Toshima Ward is rife with zombies and familiar spirits. In the wee hours near the stationopolis of Ikebukuro, pale-faced university students, partied-out salarymen and a host of others wander the streets until the first trains arrive. These are Toshima's innocuous shades; there are others more spine tingling.

Take the specters associated with the ironically dubbed Sunshine City. East of Ikebukuro Station, the complex includes Sunshine 60, Tokyo's tallest skyscraper when erected in 1978 and still ranked in the top three. Sunshine 60 was built on the former site of Sugamo Prison, where political and religious dissenters sometimes perished, and seven accused World War II Class-A criminals including wartime Prime Minister Hideki Tojo were executed.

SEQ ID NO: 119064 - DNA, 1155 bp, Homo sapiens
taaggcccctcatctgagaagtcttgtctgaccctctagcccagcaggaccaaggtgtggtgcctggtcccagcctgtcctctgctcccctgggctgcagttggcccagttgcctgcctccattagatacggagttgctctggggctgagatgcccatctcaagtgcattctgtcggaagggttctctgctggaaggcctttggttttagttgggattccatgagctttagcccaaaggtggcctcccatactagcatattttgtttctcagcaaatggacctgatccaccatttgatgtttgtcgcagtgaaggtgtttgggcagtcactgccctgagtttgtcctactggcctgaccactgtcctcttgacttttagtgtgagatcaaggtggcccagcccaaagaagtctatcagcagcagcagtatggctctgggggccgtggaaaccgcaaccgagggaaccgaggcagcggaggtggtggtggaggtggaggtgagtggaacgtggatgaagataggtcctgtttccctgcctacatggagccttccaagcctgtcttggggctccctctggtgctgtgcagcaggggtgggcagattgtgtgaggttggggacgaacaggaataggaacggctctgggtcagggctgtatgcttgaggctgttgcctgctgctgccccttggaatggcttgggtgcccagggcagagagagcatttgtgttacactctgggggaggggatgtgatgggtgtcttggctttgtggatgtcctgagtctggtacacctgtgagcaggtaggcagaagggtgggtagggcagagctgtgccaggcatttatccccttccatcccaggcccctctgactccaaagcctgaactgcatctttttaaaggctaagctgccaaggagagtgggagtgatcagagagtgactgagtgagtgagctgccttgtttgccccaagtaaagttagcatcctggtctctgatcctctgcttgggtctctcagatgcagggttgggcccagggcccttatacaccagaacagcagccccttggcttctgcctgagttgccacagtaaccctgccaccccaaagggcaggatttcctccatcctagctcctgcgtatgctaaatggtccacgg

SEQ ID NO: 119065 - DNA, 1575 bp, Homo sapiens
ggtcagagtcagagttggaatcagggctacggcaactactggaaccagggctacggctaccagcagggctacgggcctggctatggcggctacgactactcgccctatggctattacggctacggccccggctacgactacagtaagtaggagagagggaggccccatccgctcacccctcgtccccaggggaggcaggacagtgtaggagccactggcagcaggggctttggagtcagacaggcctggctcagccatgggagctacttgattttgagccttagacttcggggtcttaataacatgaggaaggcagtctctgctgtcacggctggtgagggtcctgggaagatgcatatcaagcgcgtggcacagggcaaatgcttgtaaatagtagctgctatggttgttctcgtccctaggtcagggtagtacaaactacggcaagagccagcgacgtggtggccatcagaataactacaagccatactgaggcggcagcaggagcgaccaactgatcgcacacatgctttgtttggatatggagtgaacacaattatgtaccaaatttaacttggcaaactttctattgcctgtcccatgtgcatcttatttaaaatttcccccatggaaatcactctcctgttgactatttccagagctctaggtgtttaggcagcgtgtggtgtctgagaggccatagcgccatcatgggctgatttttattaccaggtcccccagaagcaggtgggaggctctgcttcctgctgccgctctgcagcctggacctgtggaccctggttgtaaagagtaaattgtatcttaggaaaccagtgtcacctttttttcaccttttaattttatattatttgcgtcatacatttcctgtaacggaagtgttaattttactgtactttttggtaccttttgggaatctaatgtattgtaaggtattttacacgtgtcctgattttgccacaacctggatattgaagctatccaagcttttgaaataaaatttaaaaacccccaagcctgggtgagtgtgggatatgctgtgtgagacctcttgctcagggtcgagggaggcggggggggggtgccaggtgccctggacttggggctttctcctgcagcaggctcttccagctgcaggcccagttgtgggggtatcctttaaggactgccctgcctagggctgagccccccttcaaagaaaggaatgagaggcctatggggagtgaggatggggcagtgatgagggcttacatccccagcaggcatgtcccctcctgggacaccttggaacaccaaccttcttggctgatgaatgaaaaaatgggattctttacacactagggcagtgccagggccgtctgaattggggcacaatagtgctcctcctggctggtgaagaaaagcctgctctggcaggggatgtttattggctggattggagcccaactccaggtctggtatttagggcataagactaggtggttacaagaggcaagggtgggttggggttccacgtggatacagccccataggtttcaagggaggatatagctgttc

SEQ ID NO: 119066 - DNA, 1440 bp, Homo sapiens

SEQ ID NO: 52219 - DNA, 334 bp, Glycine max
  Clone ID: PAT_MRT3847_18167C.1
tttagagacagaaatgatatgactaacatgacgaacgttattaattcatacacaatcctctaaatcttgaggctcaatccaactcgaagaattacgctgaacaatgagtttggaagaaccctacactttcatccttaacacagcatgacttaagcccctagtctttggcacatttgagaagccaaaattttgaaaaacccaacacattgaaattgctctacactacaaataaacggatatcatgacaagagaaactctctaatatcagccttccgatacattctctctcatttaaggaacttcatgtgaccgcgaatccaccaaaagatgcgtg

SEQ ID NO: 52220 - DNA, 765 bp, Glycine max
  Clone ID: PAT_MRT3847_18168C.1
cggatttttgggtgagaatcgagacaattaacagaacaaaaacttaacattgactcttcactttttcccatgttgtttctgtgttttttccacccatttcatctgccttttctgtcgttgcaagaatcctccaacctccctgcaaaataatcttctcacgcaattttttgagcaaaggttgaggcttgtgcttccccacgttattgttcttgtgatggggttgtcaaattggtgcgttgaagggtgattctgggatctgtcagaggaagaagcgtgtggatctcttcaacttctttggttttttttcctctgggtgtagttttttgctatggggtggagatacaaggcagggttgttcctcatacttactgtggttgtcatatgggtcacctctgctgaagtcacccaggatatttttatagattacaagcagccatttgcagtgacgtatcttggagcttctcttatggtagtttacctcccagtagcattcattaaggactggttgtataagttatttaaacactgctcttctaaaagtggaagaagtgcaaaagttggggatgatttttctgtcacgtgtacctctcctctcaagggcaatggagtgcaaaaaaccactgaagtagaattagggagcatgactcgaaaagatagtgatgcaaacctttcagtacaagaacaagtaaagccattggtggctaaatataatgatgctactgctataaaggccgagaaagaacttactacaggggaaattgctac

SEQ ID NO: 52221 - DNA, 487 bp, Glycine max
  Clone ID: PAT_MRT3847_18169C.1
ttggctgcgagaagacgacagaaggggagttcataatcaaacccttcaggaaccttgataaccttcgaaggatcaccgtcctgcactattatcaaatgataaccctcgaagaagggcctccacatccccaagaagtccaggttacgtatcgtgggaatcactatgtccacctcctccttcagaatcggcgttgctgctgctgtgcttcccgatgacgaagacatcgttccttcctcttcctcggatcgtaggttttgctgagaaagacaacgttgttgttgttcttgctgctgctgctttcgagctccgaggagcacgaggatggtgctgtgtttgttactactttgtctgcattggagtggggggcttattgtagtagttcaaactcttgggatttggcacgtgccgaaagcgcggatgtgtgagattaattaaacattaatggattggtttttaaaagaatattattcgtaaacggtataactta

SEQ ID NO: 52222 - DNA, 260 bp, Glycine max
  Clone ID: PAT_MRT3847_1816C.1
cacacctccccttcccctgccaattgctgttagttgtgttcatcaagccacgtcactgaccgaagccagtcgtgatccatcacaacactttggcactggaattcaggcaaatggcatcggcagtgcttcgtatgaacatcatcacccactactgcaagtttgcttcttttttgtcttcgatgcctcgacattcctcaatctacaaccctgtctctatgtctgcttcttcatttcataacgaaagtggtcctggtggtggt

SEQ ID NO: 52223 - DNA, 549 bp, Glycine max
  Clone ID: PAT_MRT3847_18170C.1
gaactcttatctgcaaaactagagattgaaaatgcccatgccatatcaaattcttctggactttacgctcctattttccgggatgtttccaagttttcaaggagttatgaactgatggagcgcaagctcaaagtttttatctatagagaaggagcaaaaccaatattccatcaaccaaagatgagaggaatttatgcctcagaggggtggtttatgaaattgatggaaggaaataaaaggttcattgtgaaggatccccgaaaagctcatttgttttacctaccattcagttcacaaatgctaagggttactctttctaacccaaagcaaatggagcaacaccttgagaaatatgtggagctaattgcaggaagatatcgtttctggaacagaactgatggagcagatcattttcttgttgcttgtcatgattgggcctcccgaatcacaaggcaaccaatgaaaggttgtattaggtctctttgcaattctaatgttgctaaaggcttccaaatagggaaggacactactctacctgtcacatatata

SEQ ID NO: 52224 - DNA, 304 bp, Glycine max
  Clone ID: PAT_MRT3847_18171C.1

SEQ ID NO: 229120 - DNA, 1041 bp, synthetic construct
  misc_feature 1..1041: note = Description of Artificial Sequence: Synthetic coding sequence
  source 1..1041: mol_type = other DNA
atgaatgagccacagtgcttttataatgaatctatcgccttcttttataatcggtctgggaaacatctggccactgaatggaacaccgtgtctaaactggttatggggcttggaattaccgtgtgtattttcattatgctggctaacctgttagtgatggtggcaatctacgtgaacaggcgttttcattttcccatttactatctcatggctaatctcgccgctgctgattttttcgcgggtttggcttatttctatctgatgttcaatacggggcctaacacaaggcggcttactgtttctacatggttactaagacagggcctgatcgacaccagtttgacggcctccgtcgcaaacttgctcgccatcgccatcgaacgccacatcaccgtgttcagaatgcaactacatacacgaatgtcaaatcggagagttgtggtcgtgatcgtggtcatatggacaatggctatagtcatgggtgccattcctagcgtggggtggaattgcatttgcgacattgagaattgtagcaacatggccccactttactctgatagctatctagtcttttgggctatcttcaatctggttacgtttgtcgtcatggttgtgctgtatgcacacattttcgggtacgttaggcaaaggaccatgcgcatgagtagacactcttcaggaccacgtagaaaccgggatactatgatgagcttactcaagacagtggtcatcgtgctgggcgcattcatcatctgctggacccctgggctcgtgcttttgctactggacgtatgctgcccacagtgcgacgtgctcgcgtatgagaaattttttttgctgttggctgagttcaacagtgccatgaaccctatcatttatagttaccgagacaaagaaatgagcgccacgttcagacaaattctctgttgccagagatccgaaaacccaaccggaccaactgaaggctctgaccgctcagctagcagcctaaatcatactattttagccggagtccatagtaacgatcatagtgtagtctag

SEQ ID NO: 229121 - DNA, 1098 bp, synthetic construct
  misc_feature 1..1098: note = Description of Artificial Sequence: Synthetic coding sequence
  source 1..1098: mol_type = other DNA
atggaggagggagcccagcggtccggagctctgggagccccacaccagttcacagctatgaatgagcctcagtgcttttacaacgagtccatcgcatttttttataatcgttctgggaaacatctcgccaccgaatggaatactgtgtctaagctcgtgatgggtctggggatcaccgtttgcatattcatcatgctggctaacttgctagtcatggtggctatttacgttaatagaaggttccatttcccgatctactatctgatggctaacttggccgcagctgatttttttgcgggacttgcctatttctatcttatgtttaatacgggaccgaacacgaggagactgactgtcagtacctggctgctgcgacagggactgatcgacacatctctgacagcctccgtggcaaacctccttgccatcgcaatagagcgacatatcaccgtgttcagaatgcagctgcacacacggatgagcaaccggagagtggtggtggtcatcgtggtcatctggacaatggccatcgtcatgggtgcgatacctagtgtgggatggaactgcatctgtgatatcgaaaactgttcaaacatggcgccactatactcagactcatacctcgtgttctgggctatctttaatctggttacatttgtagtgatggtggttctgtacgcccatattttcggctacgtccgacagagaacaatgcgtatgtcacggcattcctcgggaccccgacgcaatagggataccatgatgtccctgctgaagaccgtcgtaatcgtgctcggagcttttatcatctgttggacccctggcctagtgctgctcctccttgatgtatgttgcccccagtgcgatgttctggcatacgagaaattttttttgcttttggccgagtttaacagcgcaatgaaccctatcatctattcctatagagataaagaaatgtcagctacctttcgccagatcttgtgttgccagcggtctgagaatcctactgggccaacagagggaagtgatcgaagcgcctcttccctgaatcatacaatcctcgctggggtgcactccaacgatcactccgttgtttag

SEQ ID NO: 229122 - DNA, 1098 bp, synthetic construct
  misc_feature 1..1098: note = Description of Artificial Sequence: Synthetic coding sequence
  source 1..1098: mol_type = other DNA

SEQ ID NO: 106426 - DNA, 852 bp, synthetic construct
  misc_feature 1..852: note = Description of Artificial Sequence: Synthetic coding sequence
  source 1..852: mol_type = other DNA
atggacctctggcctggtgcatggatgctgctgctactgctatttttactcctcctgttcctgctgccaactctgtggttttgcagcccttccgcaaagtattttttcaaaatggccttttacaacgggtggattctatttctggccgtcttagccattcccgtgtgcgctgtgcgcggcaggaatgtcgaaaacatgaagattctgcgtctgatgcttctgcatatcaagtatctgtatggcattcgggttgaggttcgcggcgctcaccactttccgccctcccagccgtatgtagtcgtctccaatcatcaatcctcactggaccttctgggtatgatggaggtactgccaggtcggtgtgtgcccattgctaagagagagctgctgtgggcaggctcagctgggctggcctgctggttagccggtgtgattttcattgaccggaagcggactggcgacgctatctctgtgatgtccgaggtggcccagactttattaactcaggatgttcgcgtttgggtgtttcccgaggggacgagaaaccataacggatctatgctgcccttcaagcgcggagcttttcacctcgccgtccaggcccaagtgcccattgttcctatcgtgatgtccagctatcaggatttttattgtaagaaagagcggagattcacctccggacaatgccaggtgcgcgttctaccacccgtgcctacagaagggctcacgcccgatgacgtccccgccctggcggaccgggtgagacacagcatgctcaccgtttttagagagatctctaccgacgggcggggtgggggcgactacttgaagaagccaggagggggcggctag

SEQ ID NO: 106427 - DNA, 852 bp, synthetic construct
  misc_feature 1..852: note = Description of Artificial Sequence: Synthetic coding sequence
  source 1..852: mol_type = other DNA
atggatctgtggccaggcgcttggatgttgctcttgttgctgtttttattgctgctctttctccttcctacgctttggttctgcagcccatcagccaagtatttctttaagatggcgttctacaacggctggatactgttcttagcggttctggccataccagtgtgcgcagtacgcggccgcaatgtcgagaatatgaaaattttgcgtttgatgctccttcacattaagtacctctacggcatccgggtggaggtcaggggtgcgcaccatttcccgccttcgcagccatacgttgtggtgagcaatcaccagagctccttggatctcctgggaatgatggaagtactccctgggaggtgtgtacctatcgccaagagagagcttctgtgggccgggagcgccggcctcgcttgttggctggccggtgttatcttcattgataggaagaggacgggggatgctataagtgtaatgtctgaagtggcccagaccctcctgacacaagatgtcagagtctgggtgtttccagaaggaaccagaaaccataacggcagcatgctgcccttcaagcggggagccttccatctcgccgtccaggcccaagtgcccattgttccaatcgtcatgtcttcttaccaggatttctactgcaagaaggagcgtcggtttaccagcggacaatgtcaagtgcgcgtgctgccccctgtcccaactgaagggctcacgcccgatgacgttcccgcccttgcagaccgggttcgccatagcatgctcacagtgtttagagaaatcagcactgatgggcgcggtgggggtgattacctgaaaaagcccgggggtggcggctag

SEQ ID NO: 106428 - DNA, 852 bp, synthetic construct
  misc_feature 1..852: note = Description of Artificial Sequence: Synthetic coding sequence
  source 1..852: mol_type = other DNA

Today, ear-popping elevators take you to the top of Sunshine 60 (no prize for guessing how many floors up) in about 35 seconds. From observation decks, you can see nearly everything except the tiny park below that encloses Sugamo Prison's only commemorative marker, a stone carved with the words "Praying for eternal peace."